Ex-Unison partner dies amid insider trading inquiry

One of Japan's largest private equity firms fired the partner upon learning of an investigation by authorities. The partner, identified as Kenichi Kiso by an LP, passed away the following day.

A partner at Tokyo-based Unison Capital has died, the day after being fired from the firm in relation to an insider trading investigation by the Japanese Securities and Exchange Surveillance Commission (SESC).
The firm told sister news site PEI Asia that it dismissed the partner in question on 27 October; the same day the SESC conducted its investigation at the firm's office.

Unison declined to identity the partner, nor explain the cause of death. Details as to the insider trading allegations were also not disclosed. SESC did not reply to requests for comment at press time.

At the start of October, Unison's website listed six partners: John Ehara, Tatsuya Hayashi and Tatsuo Kawasaki, its three co-founders, and Osamu Yamamoto, Kenichi Kiso and Kiyoto Matsuda. At press time, Kenichi Kiso was no longer listed on the site.

An LP confirmed Kenichi Kiso as the partner investigated for alleged misconduct. The firm's key-man clause is triggered only by the the departure of John Ehara, or the simultaneous departure of two of the firm’s other partners, the LP said.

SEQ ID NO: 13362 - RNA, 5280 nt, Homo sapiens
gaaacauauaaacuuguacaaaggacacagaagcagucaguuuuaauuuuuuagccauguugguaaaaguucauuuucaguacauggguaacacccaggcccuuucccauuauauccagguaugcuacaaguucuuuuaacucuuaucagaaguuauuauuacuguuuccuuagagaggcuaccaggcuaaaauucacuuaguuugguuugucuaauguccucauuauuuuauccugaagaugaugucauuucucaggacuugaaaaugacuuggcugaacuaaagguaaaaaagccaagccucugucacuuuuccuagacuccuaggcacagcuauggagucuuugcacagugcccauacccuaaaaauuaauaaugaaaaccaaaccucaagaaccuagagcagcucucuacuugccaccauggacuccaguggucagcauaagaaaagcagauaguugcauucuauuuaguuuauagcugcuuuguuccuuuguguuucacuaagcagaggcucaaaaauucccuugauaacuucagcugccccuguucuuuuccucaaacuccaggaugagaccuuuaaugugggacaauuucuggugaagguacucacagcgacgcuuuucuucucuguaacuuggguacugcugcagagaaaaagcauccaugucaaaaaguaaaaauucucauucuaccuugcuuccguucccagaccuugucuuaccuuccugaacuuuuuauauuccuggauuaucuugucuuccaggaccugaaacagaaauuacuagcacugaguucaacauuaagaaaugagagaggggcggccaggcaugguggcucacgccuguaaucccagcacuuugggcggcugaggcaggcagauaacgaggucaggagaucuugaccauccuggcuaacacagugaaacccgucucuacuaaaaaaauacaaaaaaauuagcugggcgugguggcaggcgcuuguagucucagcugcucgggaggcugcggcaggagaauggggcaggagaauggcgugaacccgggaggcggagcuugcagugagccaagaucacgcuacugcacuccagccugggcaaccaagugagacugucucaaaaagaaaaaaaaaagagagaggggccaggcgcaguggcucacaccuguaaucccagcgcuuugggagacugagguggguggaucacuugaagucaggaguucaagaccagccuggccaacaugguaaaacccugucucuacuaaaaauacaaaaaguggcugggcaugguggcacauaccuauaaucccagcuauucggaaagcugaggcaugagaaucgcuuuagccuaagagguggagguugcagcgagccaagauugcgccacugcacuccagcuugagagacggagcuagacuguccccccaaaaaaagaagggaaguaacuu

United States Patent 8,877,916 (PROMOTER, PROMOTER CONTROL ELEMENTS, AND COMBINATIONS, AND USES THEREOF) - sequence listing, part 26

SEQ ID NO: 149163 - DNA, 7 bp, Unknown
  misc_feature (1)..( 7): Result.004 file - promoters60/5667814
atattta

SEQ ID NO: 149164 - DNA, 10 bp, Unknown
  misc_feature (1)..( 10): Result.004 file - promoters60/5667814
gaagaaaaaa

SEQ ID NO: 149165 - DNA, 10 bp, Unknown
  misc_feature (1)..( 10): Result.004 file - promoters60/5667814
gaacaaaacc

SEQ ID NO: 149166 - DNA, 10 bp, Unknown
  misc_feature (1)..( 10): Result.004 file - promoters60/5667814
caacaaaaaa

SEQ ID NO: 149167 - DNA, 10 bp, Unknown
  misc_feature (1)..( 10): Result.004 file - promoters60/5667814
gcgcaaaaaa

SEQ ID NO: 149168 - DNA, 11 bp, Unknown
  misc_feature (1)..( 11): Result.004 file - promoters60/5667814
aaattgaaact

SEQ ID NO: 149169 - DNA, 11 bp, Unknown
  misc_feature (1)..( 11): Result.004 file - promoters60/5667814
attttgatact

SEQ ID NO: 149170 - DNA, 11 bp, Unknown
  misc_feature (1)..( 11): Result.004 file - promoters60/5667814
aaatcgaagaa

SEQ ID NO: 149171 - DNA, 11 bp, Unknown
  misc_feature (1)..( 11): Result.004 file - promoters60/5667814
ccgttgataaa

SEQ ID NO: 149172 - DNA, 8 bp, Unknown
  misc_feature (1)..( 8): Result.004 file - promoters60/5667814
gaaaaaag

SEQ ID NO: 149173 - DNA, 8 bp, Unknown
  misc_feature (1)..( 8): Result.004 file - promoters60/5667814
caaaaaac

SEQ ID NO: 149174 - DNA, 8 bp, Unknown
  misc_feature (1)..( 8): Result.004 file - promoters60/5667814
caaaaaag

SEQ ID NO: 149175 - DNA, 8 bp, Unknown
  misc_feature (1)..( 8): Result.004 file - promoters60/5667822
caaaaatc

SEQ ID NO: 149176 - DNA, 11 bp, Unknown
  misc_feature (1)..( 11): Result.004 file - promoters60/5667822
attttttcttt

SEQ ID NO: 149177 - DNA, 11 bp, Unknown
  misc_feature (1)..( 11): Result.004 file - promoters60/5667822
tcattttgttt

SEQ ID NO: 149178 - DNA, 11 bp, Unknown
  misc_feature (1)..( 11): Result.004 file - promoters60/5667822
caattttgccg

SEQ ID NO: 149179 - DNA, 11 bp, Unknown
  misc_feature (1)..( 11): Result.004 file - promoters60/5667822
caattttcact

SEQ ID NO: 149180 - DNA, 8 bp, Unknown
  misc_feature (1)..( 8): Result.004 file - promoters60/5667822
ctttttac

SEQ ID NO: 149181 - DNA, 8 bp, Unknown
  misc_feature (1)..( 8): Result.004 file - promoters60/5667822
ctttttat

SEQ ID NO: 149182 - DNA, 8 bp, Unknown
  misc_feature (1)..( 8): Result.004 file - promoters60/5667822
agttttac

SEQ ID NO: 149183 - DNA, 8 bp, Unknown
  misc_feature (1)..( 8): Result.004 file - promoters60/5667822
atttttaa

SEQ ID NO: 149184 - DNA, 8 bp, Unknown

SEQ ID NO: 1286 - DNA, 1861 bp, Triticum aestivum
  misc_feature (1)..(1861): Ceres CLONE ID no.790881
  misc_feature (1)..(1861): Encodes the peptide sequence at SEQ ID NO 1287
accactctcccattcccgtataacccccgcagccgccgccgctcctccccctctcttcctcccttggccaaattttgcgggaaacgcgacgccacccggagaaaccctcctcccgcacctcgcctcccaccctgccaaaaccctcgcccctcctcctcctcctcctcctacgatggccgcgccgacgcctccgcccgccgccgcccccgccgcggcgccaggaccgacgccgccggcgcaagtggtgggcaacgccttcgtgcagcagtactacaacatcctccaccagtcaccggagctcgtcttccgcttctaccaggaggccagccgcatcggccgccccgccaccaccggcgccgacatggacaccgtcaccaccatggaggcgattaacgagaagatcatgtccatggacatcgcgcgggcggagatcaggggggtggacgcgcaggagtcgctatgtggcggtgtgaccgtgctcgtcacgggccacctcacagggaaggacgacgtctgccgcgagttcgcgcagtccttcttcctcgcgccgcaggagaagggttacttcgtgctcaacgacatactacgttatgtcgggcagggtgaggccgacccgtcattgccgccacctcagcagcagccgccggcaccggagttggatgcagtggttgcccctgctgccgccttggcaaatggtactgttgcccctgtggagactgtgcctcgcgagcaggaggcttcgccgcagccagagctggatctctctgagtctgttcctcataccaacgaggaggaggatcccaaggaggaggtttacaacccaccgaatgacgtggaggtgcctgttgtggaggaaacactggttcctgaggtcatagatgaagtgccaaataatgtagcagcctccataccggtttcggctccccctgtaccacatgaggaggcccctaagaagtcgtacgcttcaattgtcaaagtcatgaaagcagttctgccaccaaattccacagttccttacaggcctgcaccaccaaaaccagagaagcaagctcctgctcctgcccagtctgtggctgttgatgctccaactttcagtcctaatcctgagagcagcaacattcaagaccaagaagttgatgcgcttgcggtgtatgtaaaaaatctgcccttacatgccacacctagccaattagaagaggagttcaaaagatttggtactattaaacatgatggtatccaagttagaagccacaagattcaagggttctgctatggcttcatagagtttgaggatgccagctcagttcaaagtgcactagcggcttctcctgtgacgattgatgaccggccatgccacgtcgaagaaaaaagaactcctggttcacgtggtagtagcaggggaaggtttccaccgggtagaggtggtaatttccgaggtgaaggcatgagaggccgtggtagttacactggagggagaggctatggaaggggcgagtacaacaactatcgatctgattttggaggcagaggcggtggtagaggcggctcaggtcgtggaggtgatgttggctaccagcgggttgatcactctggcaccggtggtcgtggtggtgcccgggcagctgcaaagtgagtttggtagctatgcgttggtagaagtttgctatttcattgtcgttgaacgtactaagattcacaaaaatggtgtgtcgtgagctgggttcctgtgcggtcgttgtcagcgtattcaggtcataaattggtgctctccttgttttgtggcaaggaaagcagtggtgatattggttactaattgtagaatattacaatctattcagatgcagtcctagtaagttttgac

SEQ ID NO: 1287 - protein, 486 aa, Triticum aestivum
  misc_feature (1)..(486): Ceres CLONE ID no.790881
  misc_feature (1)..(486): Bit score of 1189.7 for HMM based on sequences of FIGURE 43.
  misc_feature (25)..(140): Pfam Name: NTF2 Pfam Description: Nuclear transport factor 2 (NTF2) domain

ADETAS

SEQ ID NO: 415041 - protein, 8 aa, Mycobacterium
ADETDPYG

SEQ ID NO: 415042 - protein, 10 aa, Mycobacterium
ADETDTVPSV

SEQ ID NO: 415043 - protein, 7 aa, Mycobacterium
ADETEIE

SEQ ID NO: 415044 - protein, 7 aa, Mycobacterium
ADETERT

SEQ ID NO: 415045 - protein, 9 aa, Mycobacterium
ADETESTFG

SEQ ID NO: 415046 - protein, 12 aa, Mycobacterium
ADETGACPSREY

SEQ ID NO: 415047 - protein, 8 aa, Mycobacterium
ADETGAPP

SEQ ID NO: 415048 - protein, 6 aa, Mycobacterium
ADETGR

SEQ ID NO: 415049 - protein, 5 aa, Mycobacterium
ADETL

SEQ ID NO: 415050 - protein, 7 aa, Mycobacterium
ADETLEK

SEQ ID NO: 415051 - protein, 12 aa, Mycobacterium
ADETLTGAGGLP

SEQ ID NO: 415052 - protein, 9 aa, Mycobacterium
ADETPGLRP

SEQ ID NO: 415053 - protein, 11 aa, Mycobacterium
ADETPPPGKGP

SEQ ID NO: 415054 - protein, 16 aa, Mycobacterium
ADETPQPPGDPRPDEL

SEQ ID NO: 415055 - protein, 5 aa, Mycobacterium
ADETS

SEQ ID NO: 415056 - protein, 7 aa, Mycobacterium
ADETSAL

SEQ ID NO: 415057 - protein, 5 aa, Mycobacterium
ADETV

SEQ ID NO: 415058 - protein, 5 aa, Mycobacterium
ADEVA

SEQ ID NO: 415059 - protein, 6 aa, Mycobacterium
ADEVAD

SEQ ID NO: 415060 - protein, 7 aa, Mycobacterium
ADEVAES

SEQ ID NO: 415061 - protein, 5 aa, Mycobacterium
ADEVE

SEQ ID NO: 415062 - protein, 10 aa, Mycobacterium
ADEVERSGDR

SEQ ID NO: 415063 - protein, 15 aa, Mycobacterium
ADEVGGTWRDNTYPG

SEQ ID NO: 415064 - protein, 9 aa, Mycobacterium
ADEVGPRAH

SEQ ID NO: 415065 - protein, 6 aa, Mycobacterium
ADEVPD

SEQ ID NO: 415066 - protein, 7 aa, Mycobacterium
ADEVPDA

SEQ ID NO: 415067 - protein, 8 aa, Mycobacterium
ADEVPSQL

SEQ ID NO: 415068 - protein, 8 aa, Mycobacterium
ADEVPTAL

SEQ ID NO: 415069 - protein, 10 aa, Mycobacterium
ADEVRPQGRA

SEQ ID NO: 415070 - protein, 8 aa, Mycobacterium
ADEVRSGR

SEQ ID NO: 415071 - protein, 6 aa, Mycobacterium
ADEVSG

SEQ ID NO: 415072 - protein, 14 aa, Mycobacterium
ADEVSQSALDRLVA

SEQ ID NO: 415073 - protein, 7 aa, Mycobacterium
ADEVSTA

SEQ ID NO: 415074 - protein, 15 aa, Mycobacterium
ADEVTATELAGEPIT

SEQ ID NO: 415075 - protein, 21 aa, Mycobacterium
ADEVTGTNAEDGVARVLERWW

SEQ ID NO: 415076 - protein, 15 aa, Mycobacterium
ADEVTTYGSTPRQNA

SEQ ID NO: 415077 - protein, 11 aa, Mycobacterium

Kiso joined Unison Capital in 2002, where he focused on investments in the consumer goods, general industry and retail sectors. He previously worked at Goldman Sachs, consulting firm McKinsey and Morgan Stanley.

Unison has set up an external third-party investigation committee of three attorneys to investigate the alleged insider trading charge and “provide advice on how to further strengthen internal controls”, the firm said in a statement.

“Unison Capital takes this matter very seriously and has been cooperating very closely with the investigating authorities,” the statement noted .

In August, Unison Capital closed its third private equity fund on ¥140 billion ($1.5 billion; €1 billion). While the fund was ¥60 billion short of its original target, it is still one of the largest Asian private equity funds closed this year.